If you want surprises in your garden each spring, plant a few varieties of columbine, and see how they evolve. They are easy to propagate from seed. This plant is great for producing large numbers of seed and if you have two distinct species in your garden, it will not take long to have hybrids. They tend to be short lived plants (3 years, more or less) you need to keep new ones coming along from seed, so letting them go to seed is a good idea. You can easily harvest seeds into envelopes to share with friends. Please remember that hybrids may not return true to form from seed.
This year I have some "new" styles. I wonder what will come up next year.
By Regina from Rochester, NY
I planted columbine more than twelve years ago, they have outlasted the pots I planted them in. At first they were slow to grow, but they have come back every year. So beautiful!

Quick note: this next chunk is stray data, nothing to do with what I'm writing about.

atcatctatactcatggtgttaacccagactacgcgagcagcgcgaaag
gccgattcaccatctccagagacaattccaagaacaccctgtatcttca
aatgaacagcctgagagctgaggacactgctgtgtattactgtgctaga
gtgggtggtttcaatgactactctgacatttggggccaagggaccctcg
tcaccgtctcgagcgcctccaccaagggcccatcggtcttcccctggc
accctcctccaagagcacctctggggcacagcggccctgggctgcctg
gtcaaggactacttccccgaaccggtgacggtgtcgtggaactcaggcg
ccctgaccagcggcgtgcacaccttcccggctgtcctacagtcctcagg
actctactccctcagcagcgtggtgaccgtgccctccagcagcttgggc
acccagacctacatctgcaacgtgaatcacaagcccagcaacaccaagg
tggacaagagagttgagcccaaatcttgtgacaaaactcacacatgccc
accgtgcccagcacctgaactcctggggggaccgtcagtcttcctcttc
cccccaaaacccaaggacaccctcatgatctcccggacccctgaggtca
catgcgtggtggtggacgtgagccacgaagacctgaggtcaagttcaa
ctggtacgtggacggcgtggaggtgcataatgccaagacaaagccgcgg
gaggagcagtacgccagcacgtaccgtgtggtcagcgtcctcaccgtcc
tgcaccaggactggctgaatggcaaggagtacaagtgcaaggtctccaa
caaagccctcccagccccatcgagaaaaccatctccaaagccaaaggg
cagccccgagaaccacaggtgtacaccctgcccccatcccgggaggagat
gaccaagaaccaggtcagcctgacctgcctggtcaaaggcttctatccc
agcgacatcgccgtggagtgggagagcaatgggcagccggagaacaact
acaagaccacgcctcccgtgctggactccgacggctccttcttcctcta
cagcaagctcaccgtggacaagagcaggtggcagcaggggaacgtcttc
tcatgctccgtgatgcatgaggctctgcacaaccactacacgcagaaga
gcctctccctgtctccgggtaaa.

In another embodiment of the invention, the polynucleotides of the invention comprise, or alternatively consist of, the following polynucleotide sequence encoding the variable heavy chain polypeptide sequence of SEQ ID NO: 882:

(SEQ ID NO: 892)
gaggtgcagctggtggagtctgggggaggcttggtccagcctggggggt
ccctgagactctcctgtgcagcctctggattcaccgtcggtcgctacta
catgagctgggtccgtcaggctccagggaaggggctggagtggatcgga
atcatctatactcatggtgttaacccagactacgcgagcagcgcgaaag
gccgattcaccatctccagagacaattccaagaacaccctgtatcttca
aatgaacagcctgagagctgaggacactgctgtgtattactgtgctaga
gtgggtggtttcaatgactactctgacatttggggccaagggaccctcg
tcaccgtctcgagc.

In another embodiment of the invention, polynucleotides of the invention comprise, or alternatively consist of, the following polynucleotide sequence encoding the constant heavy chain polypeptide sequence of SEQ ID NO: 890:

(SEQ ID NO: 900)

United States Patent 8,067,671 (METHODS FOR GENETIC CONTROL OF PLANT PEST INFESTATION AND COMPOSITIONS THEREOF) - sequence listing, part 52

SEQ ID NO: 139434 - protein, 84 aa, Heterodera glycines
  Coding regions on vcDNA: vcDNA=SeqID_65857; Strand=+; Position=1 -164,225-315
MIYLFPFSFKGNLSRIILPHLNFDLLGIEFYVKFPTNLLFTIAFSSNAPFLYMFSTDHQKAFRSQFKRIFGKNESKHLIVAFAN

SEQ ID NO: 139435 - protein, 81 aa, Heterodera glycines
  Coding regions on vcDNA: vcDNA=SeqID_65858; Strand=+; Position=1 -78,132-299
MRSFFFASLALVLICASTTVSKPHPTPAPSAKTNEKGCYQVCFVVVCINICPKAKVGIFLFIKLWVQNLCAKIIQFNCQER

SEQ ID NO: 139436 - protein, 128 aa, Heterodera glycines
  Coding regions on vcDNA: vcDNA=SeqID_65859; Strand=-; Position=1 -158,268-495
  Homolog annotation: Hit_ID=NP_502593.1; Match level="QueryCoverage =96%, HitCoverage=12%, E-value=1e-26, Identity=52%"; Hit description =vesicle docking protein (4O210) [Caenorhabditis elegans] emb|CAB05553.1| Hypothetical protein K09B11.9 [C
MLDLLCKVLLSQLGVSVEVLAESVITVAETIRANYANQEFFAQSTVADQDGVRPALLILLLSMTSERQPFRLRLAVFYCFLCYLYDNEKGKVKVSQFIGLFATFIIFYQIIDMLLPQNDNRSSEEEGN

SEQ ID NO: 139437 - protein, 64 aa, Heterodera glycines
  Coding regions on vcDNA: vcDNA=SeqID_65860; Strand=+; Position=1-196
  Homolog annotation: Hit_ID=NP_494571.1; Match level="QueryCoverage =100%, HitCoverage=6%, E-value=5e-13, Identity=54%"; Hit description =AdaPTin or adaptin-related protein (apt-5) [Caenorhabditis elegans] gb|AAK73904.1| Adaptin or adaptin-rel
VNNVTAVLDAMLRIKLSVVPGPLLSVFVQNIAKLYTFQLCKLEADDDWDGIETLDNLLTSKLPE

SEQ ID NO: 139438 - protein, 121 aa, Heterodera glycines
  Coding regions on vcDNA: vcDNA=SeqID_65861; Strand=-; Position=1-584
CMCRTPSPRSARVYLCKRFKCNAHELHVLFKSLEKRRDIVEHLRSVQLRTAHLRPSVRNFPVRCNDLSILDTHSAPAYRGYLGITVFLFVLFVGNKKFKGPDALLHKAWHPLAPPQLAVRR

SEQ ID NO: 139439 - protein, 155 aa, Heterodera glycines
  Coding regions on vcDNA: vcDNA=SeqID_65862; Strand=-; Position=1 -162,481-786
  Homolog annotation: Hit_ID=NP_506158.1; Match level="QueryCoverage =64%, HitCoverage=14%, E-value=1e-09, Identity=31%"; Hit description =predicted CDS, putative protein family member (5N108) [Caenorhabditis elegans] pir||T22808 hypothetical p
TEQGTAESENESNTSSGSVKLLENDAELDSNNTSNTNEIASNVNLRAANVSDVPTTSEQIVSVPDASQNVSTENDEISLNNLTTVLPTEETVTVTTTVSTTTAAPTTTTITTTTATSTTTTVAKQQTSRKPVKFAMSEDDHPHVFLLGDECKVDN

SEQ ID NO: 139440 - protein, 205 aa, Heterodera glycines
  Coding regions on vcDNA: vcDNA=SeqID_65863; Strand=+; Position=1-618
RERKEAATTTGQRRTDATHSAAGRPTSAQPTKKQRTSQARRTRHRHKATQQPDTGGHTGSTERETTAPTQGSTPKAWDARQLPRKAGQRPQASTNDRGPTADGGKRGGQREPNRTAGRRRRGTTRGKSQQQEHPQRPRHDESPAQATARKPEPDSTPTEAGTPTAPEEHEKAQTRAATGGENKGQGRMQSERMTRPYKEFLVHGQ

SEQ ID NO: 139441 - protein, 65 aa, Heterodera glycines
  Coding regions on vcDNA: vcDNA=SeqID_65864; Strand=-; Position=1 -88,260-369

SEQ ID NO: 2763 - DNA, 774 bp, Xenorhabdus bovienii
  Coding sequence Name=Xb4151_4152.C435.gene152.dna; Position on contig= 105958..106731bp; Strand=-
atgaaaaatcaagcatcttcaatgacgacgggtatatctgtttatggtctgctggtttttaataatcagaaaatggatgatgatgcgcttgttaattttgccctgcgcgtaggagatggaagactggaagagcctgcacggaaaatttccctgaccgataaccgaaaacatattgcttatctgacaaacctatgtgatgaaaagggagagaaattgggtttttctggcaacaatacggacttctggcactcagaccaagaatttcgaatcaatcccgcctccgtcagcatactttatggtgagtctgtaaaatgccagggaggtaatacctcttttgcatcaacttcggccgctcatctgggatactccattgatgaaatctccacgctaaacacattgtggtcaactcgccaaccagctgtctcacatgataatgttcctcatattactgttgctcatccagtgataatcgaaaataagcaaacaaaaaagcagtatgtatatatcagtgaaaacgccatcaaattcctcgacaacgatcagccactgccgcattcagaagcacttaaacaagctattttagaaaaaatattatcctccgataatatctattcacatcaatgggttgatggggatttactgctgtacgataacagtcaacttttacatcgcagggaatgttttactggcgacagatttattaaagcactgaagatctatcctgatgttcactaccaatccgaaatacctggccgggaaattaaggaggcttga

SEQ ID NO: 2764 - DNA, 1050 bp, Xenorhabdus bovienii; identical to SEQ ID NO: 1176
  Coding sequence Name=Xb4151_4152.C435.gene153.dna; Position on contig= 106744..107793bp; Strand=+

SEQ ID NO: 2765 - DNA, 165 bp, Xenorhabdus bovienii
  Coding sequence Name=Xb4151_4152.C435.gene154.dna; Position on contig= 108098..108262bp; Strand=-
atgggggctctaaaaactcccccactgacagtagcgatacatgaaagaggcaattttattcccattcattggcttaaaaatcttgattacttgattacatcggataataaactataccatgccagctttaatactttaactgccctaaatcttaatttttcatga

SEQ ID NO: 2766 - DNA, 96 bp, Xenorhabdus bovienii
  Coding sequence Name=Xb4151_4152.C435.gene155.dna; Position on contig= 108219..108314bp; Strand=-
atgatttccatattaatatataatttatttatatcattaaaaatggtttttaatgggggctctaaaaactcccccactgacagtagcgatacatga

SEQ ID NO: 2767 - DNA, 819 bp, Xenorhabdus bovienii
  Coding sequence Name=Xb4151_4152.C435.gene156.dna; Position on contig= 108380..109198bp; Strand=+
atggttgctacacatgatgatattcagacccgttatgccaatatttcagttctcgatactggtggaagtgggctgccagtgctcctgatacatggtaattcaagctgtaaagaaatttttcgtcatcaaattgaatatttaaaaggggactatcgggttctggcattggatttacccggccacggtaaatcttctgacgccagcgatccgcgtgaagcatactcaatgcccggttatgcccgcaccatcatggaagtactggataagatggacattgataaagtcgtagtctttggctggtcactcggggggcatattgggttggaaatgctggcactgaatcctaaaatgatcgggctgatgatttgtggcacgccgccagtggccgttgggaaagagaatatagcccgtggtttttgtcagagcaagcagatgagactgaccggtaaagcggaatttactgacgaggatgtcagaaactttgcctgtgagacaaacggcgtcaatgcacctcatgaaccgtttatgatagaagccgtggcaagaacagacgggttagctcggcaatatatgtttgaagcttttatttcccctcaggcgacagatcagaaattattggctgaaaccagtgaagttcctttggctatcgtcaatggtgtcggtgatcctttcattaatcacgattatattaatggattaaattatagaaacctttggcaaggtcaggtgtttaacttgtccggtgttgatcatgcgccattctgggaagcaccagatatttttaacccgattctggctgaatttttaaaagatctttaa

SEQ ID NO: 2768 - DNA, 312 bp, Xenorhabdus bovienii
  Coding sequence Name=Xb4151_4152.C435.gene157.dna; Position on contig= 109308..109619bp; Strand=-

Hi Regina ~ You mentioned you have "some new styles this year", make that some BEAUTIFUL new styles. Wow, so pretty. Are they in the same flower family as gladiolus? By any chance, are you selling any seeds? Let me know.Thanks for sharing, what a "green thumb" you have.
How do you collect the seed from the Columbine? I have one that has been in the same pot for way too long.
Editor's Note: After they bloom some green pods will form. Let them dry on the plant a while, then cut them off before they open (once they open the seeds go on the ground.) Put them on a cookie sheet or in a flat pan until they dry and split open. Once they are dry, they can be put into a baggie or just plant the seeds where you want them to grow.
Have you tried adding columbine flowers to salads? They taste sweet and brighten up the greens.
One of my favorite flowers. I've found a wild or heirloom variety that I put in my flowerbeds. They bloom year after year (always the same), and are so beautiful. Each year, I look forward to their arrival.
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